“The voice of Russian speaking Jewry is now respectable and people listen now.”
Avigdor Liberman speaks to Russian-speaking Jews in synagogue in Brooklyn, New York in 2014. (photo credit:Courtesy)
Russian-speaking Jews in the West have long felt excluded from traditional communal power structures. But heading into next week’s 37th Zionist Congress in Jerusalem, it seems that this dynamic may be beginning to change.
Representatives of World Yisrael Beytenu faction who spoke to The Jerusalem Post have indicated that they believe their situation is improving, citing the 17 delegates from around the world recently elected to represent their movement in the World Zionist Organization’s supreme governing body.
In the US, the World Yisrael Beytenu-affiliated American Forum for Israel of Russian Speaking Jewry scored “a major success in the elections to the 37th World Zionist Congress held in the USA, where they won 10 seats in a hotly contested election taking first place after the powerful Reform (56 seats), Conservative (25 seats), Orthodox (24 seats)” factions, said former Jewish Agency and WZO spokesman Michael Jankelowitz.
“At the last World Zionist Congress held in 2010 the American Forum for Israel was allocated only two seats.
This will be the first time that Russian speakers and émigrés from the former Soviet Union from Canada, Australia and Germany will be represented at a World Zionist Congress.”
Jankelowitz asserted that while there about 1.5 million Russian-speaking Jews in the West, “their involvement in the local Jewish institutions is still very low… in no small part due to the opposition they face by the veteran leadership of these institutions, who feel threatened by the Russian-speaking newcomers and their nationalist Jewish ideology, and also fear losing their previous exclusive political and financial clout.”
As proof of his assertion, Jankelowitz cited the recent intervention of the WZO’s Zionist Supreme Court in local elections in Australia, in which the internal judicial body “permitted the participation of the Australian Forum of Russian Speaking Jewry in the process towards the 37th World Zionist Congress and faulted the local Zionist Federation of misleading the local Russian- speaking Jewish community regarding membership in the Zionist Federation.”
When the forum was launched last year, its president Alex Taube was quoted by Australia’s Jewish News as saying that its goal was to “maintain Jewishness” among Russian speakers.
“Although Russian-speaking Jews in Australia have achieved significant professional success, their participation in the social life in the existing Australian Jewish community is negligible,” said Taube.
“We dream of Russian-speaking Jews becoming an integral part of the Australian Jewish life,” given their high rate of assimilation.
Speaking with the Post, Taube said that his organization has “great relations” with the local Zionist Federation, although he did say that given the many groups vying for a limited number of representative slots, he was kept out on a technicality.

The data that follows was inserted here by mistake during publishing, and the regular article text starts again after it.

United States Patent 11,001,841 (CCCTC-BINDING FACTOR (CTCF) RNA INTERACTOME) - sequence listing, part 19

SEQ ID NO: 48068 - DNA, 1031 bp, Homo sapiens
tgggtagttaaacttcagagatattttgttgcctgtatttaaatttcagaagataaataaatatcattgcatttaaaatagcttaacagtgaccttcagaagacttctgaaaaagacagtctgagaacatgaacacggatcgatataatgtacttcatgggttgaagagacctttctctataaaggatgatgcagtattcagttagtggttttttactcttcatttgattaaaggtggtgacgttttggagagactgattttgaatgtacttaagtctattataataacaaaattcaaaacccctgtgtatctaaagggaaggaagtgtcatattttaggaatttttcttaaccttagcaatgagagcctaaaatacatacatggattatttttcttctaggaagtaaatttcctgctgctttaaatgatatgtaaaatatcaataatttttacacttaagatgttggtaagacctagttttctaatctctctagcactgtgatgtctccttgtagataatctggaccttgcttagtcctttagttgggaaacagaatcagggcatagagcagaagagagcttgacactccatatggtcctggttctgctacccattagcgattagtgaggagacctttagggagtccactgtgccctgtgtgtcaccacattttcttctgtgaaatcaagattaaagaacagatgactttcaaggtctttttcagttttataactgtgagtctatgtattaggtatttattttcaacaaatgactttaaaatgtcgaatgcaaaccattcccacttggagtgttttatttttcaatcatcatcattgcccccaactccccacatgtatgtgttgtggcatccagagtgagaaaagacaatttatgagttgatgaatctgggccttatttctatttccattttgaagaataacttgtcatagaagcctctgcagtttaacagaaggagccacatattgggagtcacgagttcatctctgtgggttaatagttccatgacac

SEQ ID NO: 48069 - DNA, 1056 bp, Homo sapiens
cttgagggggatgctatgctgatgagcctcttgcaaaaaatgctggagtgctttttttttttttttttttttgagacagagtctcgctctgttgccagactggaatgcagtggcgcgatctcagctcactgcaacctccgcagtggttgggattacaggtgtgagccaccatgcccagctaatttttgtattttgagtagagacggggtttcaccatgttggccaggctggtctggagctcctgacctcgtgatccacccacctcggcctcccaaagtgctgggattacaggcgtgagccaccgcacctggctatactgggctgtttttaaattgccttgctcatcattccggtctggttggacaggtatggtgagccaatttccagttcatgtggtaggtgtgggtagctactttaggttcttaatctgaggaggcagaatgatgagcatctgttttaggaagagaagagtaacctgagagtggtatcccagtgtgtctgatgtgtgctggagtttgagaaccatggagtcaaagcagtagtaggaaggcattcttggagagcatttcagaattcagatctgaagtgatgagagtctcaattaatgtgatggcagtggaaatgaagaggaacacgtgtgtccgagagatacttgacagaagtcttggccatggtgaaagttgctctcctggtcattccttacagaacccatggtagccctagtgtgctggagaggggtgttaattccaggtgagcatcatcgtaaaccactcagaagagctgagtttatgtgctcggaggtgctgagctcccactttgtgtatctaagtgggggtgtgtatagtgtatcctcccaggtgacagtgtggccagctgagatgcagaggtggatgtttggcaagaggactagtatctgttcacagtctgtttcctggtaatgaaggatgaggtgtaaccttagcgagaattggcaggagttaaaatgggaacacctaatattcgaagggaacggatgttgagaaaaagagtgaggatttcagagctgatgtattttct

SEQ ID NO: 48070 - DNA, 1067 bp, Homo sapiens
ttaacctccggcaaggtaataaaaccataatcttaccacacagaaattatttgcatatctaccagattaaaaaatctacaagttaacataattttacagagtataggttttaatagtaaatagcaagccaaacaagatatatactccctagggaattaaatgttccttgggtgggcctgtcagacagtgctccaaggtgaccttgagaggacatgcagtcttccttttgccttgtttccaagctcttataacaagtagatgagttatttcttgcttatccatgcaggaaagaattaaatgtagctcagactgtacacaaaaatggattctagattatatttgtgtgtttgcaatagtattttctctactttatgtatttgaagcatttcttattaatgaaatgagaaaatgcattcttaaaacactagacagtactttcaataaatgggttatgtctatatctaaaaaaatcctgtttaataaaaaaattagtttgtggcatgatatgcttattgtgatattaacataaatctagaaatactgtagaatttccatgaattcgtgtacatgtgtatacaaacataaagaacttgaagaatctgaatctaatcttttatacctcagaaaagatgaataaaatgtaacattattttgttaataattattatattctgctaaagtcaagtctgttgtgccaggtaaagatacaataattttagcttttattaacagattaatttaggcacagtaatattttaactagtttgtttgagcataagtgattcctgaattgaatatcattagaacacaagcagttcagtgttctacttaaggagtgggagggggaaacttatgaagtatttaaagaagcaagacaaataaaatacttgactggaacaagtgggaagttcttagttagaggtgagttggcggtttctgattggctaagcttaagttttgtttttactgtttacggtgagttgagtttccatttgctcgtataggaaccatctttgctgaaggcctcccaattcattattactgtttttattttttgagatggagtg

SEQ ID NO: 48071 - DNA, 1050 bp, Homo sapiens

“We were strong enough to make our voice to articulate our position,” he said, further asserting that once the court case was done, relations resumed in a cordial manner.
“The voice of Russian-speaking Jewry is now respectable and people listen now,” he said.
World Yisrael Beytenu CEO Alex Selsky was slightly less sanguine, however, citing what he termed a “lack of openness to share the power.”
“When we were in court I said we don’t want charity.
We want justice. Stop giving us charity and looking at us as newcomers,” he said. “The Russian-speaking Jews in the west for many years were treated like newcomers who don’t know what community, Judaism and Israel are.”
He alleged that roadblocks were put in the way for Russian speakers to vote, adding that while “everybody talks about integrating Russian speakers, when it comes to sharing power and being equal we don’t see it happening.”
He cited the example of Germany in which more than ninety percent of the Jewish population speaks Russian but the communal institutions are controlled by “veteran Jews.”
“You must understand this isn’t just for the sake of them but for the sake of Israel, because we cannot put in the hands of the veteran communities of the West, especially the Reform and Conservative movements, the leading role in lobbying for Israel. They don’t understand that Israel must be strong first and only then right,” he said.
According to Dimitry Shiglik of the American Forum for Israel, he founded his own organization because of a lack of acceptance among American Jews, but now non-Russian speakers are joining him.
He said the issue has less to do with discrimination than a “lack of understanding.”
“American Jews are very liberal and they don’t want our influence,” Shiglik said. “This is against the right wing.”
His sentiments echoed recent statements by party leader Avigdor Liberman.
“In light of the weakening of the connection between Jewish communities in the West and the State of Israel, the over-one million Russian- speaking Jews in the West serve as a rising force in the struggle on behalf of Israel. They hold nationalistic and very pro-Israel sentiments and their involvement in central Jewish institutions will undoubtedly strengthen Israel’s position. This also strengthens their Jewish identity, as their connection with Israel constitutes the central basis for their Jewishness,” he said.